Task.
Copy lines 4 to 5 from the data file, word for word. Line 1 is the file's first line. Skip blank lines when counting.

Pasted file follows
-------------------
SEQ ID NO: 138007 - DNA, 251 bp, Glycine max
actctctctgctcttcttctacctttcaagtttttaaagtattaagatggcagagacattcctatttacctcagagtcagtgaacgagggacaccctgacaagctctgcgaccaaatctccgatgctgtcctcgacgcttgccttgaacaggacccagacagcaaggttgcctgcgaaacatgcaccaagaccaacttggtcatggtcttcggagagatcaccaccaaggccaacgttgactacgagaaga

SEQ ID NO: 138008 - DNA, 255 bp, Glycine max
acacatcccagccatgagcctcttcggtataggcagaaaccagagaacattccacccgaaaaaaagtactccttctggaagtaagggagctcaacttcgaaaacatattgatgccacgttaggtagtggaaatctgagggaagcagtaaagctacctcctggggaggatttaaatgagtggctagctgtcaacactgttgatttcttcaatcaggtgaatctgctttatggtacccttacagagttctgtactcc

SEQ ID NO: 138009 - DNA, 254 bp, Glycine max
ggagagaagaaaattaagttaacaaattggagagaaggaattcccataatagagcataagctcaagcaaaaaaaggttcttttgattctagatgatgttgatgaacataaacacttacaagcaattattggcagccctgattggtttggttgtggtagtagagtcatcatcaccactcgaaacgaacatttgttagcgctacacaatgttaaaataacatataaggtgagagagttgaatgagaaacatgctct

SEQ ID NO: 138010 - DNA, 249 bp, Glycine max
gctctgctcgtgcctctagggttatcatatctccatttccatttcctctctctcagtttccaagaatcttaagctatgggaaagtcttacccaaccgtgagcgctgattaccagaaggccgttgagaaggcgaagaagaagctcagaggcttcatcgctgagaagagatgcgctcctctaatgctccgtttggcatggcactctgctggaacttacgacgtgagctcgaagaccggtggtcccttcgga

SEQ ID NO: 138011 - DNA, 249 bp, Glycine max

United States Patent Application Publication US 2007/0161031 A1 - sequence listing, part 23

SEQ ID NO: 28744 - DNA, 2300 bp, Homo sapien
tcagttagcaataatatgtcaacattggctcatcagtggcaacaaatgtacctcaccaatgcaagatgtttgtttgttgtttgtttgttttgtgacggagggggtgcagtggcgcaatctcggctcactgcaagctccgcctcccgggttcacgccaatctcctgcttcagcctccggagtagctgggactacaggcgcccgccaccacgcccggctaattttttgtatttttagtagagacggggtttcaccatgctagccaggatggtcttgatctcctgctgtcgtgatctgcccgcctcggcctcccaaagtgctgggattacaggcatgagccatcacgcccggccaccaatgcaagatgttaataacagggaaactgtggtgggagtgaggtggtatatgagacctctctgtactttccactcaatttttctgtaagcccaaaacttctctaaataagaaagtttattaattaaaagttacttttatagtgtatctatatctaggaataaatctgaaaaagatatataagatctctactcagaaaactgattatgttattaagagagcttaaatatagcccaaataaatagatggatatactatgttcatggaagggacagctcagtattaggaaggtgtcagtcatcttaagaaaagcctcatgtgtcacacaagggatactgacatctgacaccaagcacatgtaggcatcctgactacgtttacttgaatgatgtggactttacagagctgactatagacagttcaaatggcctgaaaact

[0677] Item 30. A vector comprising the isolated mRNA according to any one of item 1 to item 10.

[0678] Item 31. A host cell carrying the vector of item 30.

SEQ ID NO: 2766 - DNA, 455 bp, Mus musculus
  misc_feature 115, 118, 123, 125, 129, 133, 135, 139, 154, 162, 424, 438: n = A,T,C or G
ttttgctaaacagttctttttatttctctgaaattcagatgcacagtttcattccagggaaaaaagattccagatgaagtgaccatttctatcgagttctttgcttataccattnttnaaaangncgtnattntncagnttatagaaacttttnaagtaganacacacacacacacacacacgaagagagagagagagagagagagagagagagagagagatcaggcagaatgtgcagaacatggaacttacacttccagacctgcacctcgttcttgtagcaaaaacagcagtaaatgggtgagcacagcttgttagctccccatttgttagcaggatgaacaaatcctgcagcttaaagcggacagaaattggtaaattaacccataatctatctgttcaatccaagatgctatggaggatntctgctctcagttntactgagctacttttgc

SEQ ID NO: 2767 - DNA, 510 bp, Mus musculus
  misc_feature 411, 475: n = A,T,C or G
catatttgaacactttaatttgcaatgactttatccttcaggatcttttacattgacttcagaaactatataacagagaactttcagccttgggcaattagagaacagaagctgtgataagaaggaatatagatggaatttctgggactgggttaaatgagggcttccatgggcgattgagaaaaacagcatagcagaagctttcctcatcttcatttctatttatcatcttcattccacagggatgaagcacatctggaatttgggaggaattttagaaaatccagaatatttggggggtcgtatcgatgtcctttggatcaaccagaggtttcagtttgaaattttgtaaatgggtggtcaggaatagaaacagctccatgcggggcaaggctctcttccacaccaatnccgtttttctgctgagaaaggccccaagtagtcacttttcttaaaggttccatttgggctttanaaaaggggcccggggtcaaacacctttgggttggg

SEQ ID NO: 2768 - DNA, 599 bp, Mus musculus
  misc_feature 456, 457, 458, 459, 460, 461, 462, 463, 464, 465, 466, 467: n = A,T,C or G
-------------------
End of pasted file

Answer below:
acacatcccagccatgagcctcttcggtataggcagaaaccagagaacattccacccgaaaaaaagtactccttctggaagtaagggagctcaacttcgaaaacatattgatgccacgttaggtagtggaaatctgagggaagcagtaaagctacctcctggggaggatttaaatgagtggctagctgtcaacactgttgatttcttcaatcaggtgaatctgctttatggtacccttacagagttctgtactcc

SEQ ID NO: 138009 - DNA, 254 bp, Glycine max